B.R.A.G. Medallion Honoree Kathryn Guare is here today to talk with me about her book, Deceptive Cadence. Kathryn lives in the Vermont town where she grew up, part of the third generation of her family to call the tiny capital city of Montpelier home. She spent ten years as an executive with a global health membership and advocacy organization, worked as a tour coordinator in a travel agency, and has traveled extensively in Europe and India. She has a passion for Classical music, all things Celtic, and exploring ethnic foods and diverse cultures. Her first novel, “Deceptive Cadence” was awarded a Gold Medal in the Readers Favorite Awards and a Silver Medal in the Next Generation Indie Book Awards, and most recently was honored with an IndieB.R.A.G Medallion. She currently has three books published in the Conor McBride Series, with more on the way.
Hello, Kathryn! Thank you for chatting with me today and congrats on the B.R.A.G. Medallion. How did you discover indieBRAG?
I belong to the Alliance of Independent Authors and several of its recipients are Medallion recipients. Through the discussions in the member forum, I came to understand that indieBRAG was very well respected among authors and other professionals in the self-publishing industry, so I decided to check out the website and learn more.
Please tell me about your book, Deceptive Cadence.
I like to think of it as “a thriller with heart.” The hero of the book is an Irishman named Conor McBride. He’s a talented musician whose career was ruined when was arrested for a crime he didn’t commit. Now, he’s been asked to reinvent himself, and assume an undercover identity to search for the man responsible, who happens to be his own brother, Thomas. The book is about his wild ride from the west coast of Ireland all the way to India, as he finds himself drawn into a dangerous game where things are not what they seem and he doesn’t know who to trust.
Who designed your book cover?
I worked with Andrew and Rebecca Brown at Design for Writers. They are based in the UK and I’m in the US, but despite the geographical distance the whole process felt very collaborative and positive, and I was really happy with the result.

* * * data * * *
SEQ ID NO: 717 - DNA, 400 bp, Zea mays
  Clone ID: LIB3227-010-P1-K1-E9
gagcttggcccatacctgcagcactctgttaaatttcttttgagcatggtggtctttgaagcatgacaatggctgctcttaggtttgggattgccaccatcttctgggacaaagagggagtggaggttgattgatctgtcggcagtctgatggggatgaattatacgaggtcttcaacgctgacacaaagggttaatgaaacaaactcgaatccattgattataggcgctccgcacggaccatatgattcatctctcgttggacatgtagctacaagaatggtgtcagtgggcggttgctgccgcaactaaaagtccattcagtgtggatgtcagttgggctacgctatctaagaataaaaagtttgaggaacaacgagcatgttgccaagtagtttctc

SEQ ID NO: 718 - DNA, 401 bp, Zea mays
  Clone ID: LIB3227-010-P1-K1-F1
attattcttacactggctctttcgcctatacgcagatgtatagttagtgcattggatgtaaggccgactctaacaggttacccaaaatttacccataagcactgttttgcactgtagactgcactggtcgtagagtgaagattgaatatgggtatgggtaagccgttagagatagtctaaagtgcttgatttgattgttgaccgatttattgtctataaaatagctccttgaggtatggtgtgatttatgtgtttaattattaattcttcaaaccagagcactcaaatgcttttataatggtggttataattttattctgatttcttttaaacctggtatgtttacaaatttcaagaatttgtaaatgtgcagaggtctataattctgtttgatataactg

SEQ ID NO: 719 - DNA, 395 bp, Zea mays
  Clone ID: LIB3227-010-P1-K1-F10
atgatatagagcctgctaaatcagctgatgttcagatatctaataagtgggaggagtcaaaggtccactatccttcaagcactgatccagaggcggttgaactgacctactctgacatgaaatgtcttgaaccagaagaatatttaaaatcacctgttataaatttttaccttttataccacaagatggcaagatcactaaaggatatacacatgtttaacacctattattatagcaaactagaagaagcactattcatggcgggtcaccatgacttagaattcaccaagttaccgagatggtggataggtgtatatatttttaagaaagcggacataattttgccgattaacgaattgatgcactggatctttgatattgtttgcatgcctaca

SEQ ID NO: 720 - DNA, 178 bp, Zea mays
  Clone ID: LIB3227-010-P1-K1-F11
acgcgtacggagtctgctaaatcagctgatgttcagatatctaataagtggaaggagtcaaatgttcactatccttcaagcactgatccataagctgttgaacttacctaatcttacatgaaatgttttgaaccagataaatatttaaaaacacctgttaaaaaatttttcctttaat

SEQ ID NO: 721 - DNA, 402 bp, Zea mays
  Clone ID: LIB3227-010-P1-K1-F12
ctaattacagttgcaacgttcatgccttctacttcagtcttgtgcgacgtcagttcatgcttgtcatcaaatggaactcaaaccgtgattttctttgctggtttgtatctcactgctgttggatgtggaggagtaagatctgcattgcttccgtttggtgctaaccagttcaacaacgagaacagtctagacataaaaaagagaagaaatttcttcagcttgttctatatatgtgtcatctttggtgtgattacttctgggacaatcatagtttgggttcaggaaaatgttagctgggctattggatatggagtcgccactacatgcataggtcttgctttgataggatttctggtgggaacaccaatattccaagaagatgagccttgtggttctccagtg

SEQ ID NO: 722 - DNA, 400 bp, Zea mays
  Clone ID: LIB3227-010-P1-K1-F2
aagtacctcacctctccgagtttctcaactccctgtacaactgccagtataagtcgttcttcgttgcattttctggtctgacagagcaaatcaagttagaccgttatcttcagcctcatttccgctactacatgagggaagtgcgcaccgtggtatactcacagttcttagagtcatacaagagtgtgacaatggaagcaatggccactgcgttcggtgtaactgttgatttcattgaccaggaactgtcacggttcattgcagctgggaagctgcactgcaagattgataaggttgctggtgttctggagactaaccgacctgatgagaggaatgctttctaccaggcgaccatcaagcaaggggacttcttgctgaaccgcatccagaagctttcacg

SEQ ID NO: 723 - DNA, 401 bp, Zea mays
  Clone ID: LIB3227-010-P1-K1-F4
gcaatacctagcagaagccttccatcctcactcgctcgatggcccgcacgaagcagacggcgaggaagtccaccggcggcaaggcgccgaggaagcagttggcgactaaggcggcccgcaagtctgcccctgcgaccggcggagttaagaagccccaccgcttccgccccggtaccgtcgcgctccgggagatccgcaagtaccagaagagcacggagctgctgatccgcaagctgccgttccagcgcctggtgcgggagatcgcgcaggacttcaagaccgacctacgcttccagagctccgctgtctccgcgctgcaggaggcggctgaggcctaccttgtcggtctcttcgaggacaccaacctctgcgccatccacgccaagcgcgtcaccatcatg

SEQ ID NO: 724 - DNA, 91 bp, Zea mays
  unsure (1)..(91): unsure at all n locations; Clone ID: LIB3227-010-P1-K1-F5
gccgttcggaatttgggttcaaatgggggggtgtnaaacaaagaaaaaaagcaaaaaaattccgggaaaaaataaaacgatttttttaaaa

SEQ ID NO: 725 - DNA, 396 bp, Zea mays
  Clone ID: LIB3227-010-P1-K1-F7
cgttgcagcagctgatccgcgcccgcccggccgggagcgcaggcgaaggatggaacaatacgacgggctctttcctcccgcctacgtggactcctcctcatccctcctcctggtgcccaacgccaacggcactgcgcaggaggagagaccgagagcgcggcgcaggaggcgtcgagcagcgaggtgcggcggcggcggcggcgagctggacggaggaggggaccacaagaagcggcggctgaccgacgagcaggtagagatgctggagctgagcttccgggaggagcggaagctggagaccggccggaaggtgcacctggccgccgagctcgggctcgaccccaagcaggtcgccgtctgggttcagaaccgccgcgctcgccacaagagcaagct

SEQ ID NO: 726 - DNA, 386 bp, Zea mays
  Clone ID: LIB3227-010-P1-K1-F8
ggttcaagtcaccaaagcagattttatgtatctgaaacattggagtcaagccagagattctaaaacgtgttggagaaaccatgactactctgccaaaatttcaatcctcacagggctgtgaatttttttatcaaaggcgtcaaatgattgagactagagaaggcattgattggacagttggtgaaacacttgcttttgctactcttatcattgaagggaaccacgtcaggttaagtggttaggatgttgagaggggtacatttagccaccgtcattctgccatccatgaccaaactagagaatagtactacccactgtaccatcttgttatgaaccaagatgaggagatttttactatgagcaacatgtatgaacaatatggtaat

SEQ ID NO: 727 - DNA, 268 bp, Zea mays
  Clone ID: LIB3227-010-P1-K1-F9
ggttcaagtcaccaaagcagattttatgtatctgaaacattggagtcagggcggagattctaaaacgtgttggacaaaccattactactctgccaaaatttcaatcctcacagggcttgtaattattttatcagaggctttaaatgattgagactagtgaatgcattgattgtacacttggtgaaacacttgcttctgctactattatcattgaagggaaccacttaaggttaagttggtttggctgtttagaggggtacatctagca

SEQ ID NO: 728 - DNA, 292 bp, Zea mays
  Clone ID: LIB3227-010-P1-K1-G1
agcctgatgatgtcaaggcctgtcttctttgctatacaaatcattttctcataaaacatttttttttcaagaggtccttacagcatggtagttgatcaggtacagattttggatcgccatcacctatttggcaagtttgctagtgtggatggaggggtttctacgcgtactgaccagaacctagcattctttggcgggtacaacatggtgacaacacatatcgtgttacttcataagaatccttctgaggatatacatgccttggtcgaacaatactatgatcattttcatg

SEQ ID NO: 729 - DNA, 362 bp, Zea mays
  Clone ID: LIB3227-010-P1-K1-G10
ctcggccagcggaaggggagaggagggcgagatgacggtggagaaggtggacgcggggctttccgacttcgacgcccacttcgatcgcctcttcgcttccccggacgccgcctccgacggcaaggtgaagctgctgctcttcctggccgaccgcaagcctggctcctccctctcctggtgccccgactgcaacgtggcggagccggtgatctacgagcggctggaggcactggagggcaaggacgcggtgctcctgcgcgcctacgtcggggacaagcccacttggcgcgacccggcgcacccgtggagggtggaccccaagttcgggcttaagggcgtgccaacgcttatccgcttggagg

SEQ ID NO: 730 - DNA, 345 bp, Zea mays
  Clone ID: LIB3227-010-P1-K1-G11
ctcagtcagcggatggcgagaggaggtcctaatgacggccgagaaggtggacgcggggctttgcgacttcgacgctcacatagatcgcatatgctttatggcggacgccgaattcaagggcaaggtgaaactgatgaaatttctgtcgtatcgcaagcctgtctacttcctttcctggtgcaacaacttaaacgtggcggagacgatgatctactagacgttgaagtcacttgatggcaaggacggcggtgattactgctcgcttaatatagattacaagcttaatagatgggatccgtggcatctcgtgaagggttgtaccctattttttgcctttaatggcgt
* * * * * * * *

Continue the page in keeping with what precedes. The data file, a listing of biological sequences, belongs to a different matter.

What are a couple of the themes written in your story?
I focus a lot on character development in my writing, so I’d say the most important theme in the story is the internal struggle of the hero to hold on to his own sense of identity. He’s not a professional spy, and he’s a decent man, so he has trouble with the moral ambiguity of what he’s doing. Pretty quickly, he gets sucked into this world of criminal gangs, drugs and human trafficking. He used to be a man who carried a violin everywhere, and now he’s a man who carries a gun. And what’s worse (from his standpoint, not the reader’s!) is his discovery that he’s very good at it. He’s learning things about himself he didn’t want to know, and as the book continues he begins to realize that he can never “unlearn” them, or go back to the life he had before.
What is an example of conflict that Conor experiences in his undercover identity?
I’d say one big conflict is his attitude about his brother. Thomas is ten years older and was Conor’s hero, so when he disappeared and let his younger brother take the fall for a crime he’d committed, it was a bitter betrayal. Conor’s first instinct is to refuse the mission to find him, but once he’s persuaded Thomas is in danger he can’t help but go through with it, because in spite of everything he still loves his brother, and part of him also wants the opportunity to confront him and get an explanation.
Does Conor play a classical instrument?
He plays a violin, and he’s a virtuoso. When he was very young, his father taught him to play traditional Irish music, and then he went off to Dublin and became trained as a Classical musician. He had a job with the national symphony orchestra before everything fell apart on him.
Please tell me a little about his friendship with an elderly Indian woman named Kavita Kotwal. What is her role in the story?
Like all good Irishmen, Conor is close to his mother, so when he’s in India and finds himself so dislocated and conflicted Kavita is a mother figure to him. She’s also got some interesting secrets. Like a lot of people in the story, there’s more to her than meets the eye!
Your setting for the story begins on a farm on the Dingle peninsula, which is on the west coast of Ireland. Why did you chose this place and what drew you to it?